|dc.description.abstract||Eshelby-type inclusion problems of an infinite or a finite homogeneous isotropic elastic body containing an arbitrary-shape inclusion prescribed with an eigenstrain and an eigenstrain gradient are analytically solved. The solutions are based on a simplified strain gradient elasticity theory (SSGET) that includes one material length scale parameter in addition to two classical elastic constants.
For the infinite-domain inclusion problem, the Eshelby tensor is derived in a general form by using the Green’s function in the SSGET. This Eshelby tensor captures the inclusion size effect and recovers the classical Eshelby tensor when the strain gradient effect is ignored. By applying the general form, the explicit expressions of the Eshelby tensor for the special cases of a spherical inclusion, a cylindrical inclusion of infinite length and an ellipsoidal inclusion are obtained. Also, the volume average of the new Eshelby tensor over the inclusion in each case is analytically derived. It is quantitatively shown that the new Eshelby tensor and its average can explain the inclusion size effect, unlike its counterpart based on classical elasticity.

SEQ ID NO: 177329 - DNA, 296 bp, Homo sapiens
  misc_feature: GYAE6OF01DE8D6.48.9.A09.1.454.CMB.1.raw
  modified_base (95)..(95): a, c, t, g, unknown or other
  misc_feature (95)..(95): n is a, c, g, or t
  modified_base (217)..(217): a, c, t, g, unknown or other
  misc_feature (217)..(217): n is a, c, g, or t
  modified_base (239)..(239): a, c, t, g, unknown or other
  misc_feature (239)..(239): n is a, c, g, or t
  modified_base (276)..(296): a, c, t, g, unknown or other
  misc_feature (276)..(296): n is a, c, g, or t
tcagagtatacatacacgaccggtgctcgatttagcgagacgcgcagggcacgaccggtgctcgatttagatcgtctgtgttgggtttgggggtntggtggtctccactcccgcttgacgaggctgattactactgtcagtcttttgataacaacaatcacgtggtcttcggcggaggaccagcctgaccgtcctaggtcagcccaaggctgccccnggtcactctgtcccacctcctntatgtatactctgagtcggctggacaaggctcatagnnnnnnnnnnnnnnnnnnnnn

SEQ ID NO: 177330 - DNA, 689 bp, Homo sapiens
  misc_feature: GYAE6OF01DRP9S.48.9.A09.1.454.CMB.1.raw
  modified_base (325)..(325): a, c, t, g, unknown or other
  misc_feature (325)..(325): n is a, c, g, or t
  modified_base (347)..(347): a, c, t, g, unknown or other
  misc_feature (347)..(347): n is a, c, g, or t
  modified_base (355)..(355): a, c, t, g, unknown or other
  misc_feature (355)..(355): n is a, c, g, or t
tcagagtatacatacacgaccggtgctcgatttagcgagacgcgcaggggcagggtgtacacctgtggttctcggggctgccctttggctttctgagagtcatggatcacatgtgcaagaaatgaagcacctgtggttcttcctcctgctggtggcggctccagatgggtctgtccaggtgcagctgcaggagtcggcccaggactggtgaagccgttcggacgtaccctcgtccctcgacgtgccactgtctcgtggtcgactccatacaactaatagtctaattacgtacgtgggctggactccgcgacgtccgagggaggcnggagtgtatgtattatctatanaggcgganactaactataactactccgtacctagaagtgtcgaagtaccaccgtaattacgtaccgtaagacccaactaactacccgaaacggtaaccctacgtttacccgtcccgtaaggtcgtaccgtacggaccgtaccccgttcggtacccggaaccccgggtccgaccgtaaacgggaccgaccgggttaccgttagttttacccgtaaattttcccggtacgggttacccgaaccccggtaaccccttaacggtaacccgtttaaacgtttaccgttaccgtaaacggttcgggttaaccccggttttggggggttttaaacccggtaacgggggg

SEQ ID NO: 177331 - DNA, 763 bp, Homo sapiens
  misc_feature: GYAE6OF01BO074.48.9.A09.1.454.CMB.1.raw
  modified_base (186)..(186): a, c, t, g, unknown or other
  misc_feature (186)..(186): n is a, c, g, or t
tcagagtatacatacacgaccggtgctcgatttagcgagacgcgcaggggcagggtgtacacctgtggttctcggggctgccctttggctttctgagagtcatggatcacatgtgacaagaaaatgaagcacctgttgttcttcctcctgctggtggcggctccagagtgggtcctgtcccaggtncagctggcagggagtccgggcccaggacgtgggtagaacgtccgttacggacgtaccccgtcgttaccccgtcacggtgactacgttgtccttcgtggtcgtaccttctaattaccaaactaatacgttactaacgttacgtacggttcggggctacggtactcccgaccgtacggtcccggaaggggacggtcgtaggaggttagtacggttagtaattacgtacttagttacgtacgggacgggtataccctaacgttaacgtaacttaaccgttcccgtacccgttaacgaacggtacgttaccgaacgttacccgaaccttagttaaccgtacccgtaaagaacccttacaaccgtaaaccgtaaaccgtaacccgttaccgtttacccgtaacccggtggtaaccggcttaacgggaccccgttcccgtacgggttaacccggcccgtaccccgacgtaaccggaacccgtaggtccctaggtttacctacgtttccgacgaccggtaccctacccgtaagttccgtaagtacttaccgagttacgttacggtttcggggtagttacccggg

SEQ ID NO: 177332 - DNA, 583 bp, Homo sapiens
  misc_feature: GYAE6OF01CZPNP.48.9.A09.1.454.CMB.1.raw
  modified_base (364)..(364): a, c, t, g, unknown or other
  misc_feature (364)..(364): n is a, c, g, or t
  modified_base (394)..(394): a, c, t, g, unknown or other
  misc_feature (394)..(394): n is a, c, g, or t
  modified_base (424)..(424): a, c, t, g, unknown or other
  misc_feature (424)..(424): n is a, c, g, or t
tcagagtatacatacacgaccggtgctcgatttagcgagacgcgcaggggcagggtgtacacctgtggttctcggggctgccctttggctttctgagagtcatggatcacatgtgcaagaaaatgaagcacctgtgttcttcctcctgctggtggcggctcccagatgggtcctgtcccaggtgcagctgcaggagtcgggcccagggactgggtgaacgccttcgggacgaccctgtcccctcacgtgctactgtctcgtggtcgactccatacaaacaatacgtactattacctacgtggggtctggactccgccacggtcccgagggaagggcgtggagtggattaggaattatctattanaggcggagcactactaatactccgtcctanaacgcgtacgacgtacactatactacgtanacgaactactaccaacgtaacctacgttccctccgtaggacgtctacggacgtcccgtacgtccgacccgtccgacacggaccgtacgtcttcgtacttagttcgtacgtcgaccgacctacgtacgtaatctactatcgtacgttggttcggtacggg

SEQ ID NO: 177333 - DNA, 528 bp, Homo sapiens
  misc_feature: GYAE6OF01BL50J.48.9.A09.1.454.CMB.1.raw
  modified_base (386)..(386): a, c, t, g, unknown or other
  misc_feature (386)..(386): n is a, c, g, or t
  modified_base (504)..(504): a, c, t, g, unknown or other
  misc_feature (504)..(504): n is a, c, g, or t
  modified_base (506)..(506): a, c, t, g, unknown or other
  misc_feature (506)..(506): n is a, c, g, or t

To solve the finite-domain inclusion problem, an extended Betti’s reciprocal theorem and an extended Somigliana’s identity based on the SSGET are proposed and utilized. The solution for the disturbed displacement field incorporates the boundary effect and recovers that for the infinite-domain inclusion problem. The problem of a spherical inclusion embedded concentrically in a finite spherical body is analytically solved by applying the general solution, with the Eshelby tensor and its volume average obtained in closed forms. It is demonstrated through numerical results that the newly obtained Eshelby tensor can capture the inclusion size and boundary effects, unlike existing ones.
Finally, a homogenization method is developed to predict the effective elastic properties of a heterogeneous material using the SSGET. An effective elastic stiffness tensor is analytically derived for the heterogeneous material by applying the Mori-Tanaka and Eshelby’s equivalent inclusion methods. This tensor depends on the inhomogeneity size, unlike what is predicted by existing homogenization methods based on classical elasticity. Numerical results for a two-phase composite reveal that the composite becomes stiffer when the inhomogeneities get smaller.||en